Nadezhda Mandelstam observed how in Stalinist Russia, effective efforts were made to discredit traditional morality—even such fundamental moral beliefs as "thou shalt not kill." She noticed that people were "turning into wood—a process that comes over those who lose their sense of values."
"It's just like they say--once you chop down a tree, it becomes easy to chop down the tree. You know? And that's how it is with shootin' a gun. And that's how it is with 187's [police code for homicide], to be honest with you. Once you take somebody's life and you make it through--you know what I'm sayin'?--without a nervous breakdown, then it ain't hard to do no mo'. It's like it becomes a habit,like."
Callousness, hardness, and moral numbing can all be assisted by distancing and dehumanizing.
Distancing & dehumanizing
Go to Atrocities
Atrocities are easier to commit if respect for the victims can be neutralized. For this reason, humiliation handed out by those with power can be ominous. The link between humiliation and atrocity is often found. . .
Distancing can suppress both
normal sympathy:the awareness and knowledge that one is killing other human beings and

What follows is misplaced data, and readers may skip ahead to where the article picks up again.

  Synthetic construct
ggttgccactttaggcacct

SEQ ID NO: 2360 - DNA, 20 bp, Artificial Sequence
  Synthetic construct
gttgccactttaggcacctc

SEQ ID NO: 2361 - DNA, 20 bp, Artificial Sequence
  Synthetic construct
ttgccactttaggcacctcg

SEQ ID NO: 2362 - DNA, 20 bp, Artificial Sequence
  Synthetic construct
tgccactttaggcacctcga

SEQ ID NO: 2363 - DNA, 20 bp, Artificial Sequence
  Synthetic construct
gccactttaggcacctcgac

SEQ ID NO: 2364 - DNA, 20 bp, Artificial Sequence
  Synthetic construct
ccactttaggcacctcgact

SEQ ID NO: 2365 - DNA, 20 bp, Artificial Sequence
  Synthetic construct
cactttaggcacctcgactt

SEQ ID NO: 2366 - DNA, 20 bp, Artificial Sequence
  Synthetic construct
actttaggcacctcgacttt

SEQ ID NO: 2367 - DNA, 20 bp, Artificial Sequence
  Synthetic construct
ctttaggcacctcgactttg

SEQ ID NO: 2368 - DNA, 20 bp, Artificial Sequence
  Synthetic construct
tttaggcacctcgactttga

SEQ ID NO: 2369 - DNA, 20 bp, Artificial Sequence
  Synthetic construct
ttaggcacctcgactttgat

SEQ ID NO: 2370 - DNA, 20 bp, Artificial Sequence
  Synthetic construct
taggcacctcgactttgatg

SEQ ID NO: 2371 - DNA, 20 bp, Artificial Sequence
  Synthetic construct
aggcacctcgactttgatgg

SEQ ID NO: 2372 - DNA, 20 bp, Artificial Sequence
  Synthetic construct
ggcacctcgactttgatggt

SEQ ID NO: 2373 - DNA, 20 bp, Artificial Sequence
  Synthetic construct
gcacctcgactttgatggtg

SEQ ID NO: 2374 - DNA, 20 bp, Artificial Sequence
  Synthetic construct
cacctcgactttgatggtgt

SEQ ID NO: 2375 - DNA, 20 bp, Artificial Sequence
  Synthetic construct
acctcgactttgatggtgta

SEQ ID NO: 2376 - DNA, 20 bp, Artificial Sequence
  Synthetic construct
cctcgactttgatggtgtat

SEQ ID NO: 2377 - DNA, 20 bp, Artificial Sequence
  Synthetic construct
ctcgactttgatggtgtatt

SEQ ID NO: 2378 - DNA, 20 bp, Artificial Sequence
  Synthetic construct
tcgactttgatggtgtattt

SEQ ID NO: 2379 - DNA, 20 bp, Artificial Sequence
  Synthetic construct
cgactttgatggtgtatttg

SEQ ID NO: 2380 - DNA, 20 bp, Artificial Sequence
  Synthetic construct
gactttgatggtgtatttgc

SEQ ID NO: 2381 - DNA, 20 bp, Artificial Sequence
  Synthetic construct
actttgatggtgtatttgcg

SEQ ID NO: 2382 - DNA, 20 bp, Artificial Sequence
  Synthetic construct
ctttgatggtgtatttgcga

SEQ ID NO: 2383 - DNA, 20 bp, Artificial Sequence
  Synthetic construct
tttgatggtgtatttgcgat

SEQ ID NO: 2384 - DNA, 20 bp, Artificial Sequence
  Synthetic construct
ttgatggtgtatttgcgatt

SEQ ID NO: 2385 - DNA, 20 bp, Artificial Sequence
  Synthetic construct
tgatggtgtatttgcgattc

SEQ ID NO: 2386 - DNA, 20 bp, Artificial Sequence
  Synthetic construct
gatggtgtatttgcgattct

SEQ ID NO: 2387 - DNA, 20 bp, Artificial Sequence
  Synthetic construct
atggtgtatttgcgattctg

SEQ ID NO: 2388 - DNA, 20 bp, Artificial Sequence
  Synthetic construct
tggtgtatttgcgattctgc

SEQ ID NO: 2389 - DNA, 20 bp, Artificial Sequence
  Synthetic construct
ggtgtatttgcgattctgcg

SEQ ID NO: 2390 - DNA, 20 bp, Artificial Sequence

normal compassion:the desire to do something to prevent or stop it. .
Types of distancing:
- humiliation & degradation
- A belief in one's personal superiority to others
- racism & sexism & nationalism
- seeing others as merely a member of some group, such as "the enemy," rather than as human beings like oneself thus unacceptably narrowing the scope of one's moral universe.As the Army of the Soviet Union fought its way toward Berlin toward the end of WWII, Red Army general Maslov described German children crying as they searched desperately for their parents in a blazing town. "What was surprising," wrote Maslov, "was that they were crying in exactly the same way as our children cry." Few Soviet soldiers or officers had imagined Germans as human beings. After Nazi propaganda had dehumanized the Slavs into Untermenschen [subhuman beings], Soviet revenge propaganda had convinced its citizens that all Germans were ravening beasts."Antony Beevor, The Fall of Berlin, p. 199